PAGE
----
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Precambrian meta-ultramafic rocks from the Tobacco Root Mountains, Montana

By
Kathleen E. Johnson
Kathleen E. Johnson
Department of Geology and Geophysics, University of New Orleans, New Orleans, Louisiana 70148, USAPresent address: P.O. Box 8352, Monterey, California 93940, USA, volcan@mac.com.
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John B. Brady
John B. Brady
Department of Geology, Smith College, Northampton, Massachusetts 01063, USA
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William A. MacFarlane
William A. MacFarlane
Colorado College, Colorado Springs, Colorado 80903, USA
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Rebecca B. Thomas
Rebecca B. Thomas
Williams College, Williamstown, Massachusetts 01267, USA
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Chris J. Poulsen
Chris J. Poulsen
Carleton College, Northfield, Minnesota 55057, USA
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M. Jennifer Sincock
M. Jennifer Sincock
Franklin & Marshall College, Lancaster, Pennsylvania 17604-3003, USA
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Published:
January 01, 2004

Meta-ultramafic rocks occur as small (2 to 100 m long), podiform bodies in all three major Precambrian rock suites of the Tobacco Root Mountains of southwest Montana. Most samples consist of a randomly oriented, coarse-grained assemblage of orthopyroxene, olivine, and magnesiohornblende ± spinel, partially replaced by a fine-grained assemblage that may include anthophyllite, talc, cummingtonite, magnesiohornblende, chlorite, serpentine, and/or magnetite. Blackwall reaction zones of anthophyllite, actinolite, chlorite, and/or biotite surround several of the meta-ultramafic bodies. The absence of clinopyroxene with orthopyroxene limits the metamorphic pressure-temperature history of these rocks to temperatures below ∼800 °C. The presence of anthophyllite with olivine indicates that these rocks passed through 650–700 °C at pressures below 0.6 GPa. These constraints are consistent with the detailed pressure-temperature path determined for the surrounding upper-amphibolite to granulite facies metamorphic rocks. Whole-rock chemical analyses of the meta-ultramafic rocks show them to be rich in SiO2 (44–54 wt%) and poor in MgO (21–34 wt%) relative to mantle peridotites and typical Alpine-type ultramafic rocks. Rare earth element concentrations are all enriched relative to chondritic values and the light rare earth elements are especially enriched (10–30 times), inconsistent with either an upper-mantle or a komatiitic origin. All samples have similar TiO2/Zr ratios, suggesting that they have a common or related origin, and that TiO2 and Zr were conserved in the processes that led to the observed chemical variations. Together, the chemical data point to a protolith that was an ultramafic cumulate rich in orthopyroxene, and therefore probably formed in a continental setting from a basaltic magma enriched in silica. One possible time of origin is a magmatic event during the continental rifting at 2.06 Ga that led to the intrusion of a suite of mafic dikes.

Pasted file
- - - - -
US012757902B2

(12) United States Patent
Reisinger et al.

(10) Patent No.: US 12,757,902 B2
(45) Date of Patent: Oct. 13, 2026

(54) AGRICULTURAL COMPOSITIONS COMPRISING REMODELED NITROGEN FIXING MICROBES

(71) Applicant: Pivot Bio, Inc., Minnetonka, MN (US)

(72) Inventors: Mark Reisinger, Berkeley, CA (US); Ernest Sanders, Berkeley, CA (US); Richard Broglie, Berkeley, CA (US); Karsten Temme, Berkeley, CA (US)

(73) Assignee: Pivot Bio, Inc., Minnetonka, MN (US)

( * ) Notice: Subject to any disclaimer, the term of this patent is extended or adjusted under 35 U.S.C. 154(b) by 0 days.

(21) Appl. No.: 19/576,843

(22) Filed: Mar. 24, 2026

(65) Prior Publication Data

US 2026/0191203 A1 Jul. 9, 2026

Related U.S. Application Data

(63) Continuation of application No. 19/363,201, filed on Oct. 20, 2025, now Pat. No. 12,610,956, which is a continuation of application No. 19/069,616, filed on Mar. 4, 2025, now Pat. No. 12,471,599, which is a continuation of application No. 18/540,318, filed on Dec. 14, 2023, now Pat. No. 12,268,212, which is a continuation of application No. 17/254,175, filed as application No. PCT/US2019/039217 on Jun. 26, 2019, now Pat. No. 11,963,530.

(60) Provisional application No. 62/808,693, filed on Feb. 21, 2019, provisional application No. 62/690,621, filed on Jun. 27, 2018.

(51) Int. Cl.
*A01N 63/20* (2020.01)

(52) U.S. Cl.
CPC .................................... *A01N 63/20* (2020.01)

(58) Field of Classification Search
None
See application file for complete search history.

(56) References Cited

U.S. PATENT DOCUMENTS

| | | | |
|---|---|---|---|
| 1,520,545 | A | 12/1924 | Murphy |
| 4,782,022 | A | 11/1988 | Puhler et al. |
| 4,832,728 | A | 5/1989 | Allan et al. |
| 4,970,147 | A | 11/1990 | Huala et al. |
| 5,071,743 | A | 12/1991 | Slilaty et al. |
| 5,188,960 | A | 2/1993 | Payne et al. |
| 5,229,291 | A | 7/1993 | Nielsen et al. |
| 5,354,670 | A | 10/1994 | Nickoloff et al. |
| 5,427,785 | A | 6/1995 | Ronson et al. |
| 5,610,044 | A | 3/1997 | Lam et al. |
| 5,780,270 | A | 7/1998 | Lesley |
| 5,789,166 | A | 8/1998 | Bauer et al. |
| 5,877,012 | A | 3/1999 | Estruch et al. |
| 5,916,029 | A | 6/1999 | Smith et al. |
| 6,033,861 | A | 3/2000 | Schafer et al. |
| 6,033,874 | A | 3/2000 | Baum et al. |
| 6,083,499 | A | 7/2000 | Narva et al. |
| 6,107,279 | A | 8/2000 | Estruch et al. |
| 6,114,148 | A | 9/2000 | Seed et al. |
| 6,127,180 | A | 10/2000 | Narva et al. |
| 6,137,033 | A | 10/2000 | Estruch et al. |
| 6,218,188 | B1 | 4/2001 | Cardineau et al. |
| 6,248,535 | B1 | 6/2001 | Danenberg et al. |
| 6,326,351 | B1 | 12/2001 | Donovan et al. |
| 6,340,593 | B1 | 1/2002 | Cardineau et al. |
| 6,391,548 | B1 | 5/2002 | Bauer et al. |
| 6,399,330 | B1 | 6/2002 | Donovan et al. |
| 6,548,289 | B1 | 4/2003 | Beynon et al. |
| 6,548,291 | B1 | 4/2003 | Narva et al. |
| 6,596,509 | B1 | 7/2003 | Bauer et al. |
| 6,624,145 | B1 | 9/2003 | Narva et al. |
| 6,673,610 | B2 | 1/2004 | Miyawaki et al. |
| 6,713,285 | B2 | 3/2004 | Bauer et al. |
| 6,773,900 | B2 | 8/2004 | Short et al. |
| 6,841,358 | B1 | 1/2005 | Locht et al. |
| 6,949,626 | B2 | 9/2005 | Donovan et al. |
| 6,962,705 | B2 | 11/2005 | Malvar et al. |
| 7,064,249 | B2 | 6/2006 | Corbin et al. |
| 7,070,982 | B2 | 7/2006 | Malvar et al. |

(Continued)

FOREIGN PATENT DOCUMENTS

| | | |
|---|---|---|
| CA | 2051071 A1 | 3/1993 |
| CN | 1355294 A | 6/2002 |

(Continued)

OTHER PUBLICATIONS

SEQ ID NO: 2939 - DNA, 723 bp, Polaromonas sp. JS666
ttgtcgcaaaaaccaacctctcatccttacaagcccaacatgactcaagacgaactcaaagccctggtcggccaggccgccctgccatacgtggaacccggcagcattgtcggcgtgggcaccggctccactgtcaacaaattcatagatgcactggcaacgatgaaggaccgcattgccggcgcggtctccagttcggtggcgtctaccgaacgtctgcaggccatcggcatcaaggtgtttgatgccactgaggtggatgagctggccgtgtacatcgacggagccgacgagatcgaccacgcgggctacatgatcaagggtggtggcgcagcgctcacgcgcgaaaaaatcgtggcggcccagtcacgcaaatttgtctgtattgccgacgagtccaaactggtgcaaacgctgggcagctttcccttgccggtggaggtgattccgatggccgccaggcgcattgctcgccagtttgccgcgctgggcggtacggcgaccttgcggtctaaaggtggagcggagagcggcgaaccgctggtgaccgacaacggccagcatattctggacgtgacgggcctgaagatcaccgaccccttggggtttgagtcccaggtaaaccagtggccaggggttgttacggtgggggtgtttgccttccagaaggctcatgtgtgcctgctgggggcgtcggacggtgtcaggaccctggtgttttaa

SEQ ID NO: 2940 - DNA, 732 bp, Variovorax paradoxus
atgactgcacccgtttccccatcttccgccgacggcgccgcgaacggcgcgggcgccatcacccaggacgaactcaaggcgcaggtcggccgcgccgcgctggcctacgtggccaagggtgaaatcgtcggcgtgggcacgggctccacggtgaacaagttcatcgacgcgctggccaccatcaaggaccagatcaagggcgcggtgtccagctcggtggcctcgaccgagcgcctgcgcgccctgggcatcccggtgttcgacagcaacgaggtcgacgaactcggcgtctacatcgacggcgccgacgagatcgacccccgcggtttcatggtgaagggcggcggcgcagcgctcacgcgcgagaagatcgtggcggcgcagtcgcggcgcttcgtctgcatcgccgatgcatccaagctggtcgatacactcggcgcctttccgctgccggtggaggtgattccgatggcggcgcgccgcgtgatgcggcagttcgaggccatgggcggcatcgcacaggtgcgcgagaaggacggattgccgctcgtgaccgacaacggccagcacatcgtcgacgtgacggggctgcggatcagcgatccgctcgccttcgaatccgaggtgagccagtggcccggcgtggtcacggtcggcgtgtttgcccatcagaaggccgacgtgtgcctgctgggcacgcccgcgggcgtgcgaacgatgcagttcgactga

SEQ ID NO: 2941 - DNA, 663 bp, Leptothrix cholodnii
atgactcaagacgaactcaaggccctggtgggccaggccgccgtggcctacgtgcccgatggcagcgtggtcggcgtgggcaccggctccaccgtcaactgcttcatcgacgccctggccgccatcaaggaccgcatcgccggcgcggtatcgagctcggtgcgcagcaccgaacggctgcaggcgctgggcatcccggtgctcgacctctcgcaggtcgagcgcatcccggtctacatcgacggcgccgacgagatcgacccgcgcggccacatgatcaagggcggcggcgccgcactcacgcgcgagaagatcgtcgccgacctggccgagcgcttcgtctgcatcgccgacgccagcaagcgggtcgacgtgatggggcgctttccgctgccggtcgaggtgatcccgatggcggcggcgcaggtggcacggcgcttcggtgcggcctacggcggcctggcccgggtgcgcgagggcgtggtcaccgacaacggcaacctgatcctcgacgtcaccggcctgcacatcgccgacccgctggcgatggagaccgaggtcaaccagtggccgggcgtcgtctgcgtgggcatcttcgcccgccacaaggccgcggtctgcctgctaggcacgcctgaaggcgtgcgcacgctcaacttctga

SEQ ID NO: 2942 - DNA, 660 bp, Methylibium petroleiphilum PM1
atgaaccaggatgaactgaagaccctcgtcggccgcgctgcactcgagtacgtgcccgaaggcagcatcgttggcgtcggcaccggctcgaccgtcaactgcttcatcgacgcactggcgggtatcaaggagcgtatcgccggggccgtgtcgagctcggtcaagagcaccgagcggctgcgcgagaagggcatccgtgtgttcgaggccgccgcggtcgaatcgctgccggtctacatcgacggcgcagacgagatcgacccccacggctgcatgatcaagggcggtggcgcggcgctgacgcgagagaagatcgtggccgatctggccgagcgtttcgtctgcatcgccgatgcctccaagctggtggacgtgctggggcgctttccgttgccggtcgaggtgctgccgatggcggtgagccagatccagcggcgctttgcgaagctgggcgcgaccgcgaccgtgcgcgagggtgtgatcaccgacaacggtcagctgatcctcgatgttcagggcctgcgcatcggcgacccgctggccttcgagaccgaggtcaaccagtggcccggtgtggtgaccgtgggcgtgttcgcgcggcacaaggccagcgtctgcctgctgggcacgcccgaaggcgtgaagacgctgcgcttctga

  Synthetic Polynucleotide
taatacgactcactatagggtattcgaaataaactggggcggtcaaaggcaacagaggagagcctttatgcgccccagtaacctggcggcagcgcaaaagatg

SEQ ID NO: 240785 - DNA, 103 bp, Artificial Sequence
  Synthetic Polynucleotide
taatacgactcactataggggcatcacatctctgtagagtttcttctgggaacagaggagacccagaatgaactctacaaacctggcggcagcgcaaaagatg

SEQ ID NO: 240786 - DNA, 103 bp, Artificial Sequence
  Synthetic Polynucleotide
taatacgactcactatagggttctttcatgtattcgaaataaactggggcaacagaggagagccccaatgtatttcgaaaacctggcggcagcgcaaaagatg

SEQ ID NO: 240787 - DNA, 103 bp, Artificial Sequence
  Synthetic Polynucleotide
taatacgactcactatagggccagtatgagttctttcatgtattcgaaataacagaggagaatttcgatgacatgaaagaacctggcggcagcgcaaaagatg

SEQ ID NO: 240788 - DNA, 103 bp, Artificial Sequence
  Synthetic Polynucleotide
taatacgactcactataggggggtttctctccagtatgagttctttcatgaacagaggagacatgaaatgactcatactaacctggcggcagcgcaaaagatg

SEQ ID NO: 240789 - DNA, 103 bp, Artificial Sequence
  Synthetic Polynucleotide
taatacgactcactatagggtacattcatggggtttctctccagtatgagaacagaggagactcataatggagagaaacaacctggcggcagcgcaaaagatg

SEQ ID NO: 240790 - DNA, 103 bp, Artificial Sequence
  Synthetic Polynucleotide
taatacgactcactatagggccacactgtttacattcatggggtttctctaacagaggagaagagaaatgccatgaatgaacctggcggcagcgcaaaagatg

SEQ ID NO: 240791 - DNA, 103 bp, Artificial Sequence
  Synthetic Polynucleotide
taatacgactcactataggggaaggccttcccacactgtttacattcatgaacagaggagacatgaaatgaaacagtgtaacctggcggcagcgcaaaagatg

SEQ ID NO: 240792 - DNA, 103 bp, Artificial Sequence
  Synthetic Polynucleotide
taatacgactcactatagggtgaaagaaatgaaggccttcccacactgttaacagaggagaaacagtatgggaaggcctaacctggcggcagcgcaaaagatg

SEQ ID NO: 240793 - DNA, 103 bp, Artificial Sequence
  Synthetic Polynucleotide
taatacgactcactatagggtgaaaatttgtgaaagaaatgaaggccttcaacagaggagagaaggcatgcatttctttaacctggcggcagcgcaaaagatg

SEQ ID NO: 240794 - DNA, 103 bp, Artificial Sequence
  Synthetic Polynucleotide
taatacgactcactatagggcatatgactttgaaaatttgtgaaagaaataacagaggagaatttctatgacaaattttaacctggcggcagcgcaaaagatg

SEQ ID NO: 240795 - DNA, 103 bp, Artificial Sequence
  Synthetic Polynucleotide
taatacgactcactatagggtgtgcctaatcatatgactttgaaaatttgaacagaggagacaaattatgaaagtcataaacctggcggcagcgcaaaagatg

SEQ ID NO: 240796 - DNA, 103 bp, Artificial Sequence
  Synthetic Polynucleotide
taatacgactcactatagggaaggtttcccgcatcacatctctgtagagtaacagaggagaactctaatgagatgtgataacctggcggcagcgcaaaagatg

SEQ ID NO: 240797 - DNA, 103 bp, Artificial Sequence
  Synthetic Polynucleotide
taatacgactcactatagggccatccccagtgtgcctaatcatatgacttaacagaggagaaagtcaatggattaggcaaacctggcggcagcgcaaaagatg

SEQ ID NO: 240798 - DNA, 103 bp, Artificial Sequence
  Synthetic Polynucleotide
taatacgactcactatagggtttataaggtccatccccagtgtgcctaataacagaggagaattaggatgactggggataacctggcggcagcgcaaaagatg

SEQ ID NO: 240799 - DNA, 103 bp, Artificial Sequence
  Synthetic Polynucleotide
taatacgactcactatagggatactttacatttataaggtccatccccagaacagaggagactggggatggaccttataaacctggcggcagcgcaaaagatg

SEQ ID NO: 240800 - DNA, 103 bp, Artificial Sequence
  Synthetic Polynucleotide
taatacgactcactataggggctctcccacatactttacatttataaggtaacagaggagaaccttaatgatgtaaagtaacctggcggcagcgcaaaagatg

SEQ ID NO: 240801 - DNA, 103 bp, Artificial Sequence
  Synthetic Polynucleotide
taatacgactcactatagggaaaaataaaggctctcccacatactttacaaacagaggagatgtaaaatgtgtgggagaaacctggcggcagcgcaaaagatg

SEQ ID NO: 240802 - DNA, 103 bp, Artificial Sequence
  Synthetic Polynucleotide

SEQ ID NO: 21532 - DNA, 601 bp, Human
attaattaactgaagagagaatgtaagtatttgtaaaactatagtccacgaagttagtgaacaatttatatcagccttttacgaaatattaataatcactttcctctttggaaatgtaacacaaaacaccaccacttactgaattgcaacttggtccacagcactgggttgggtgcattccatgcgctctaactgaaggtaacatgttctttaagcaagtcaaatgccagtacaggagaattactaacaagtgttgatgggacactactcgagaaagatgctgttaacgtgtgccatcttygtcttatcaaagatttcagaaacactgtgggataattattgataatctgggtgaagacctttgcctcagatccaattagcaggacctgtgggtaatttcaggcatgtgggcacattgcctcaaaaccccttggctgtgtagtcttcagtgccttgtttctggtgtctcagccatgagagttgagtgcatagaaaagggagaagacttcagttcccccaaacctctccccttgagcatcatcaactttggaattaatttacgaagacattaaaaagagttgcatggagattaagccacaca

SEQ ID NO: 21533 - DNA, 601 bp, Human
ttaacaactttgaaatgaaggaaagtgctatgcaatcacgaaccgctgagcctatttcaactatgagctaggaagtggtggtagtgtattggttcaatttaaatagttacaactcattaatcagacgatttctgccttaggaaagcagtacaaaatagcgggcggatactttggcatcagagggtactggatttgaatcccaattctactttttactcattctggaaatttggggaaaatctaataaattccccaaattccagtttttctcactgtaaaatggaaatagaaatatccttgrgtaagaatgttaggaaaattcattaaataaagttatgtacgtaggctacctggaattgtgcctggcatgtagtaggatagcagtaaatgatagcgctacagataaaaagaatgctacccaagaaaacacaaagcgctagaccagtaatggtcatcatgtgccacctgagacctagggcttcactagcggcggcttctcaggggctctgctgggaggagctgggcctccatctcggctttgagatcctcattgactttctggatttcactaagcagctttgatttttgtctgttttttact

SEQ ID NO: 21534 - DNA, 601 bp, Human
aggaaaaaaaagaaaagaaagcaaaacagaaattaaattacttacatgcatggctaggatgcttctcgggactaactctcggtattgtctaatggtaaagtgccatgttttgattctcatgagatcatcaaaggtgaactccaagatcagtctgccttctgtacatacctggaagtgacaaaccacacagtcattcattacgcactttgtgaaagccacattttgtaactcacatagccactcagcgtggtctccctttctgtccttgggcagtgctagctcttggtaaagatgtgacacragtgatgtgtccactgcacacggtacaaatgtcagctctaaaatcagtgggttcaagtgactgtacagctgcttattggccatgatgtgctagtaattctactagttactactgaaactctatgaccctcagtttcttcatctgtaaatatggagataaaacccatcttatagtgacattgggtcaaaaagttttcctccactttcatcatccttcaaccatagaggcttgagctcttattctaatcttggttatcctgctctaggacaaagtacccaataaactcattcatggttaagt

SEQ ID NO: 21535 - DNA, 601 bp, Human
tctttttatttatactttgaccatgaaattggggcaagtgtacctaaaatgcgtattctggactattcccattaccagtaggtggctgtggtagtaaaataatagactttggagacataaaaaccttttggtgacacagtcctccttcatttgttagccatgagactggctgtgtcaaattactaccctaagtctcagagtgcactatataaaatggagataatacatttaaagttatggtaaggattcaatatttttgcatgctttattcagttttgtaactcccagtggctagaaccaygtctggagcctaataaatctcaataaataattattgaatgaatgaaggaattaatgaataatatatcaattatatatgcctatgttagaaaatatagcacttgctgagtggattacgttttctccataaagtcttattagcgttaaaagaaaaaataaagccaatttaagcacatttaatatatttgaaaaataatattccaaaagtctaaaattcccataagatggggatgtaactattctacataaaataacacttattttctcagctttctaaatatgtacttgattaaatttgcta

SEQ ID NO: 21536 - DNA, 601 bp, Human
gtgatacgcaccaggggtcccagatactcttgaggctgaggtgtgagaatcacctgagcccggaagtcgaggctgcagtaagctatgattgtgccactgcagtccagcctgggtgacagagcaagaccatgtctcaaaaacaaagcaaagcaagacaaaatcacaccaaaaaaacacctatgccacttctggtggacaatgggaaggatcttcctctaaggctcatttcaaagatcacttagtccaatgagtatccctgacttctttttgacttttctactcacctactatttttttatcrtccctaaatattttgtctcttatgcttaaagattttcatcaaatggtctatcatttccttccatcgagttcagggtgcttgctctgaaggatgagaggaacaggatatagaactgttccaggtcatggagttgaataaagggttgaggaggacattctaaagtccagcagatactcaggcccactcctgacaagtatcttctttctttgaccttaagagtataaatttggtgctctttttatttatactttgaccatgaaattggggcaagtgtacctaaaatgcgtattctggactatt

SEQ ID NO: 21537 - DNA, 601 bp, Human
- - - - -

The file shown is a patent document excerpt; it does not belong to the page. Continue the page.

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GSA Special Papers

Precambrian Geology of the Tobacco Root Mountains, Montana

John B. Brady
John B. Brady
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H. Robert Burger
H. Robert Burger
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John T. Cheney
John T. Cheney
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Tekla A. Harms
Tekla A. Harms
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Geological Society of America
Volume
377
ISBN print:
9780813723778
Publication date:
January 01, 2004

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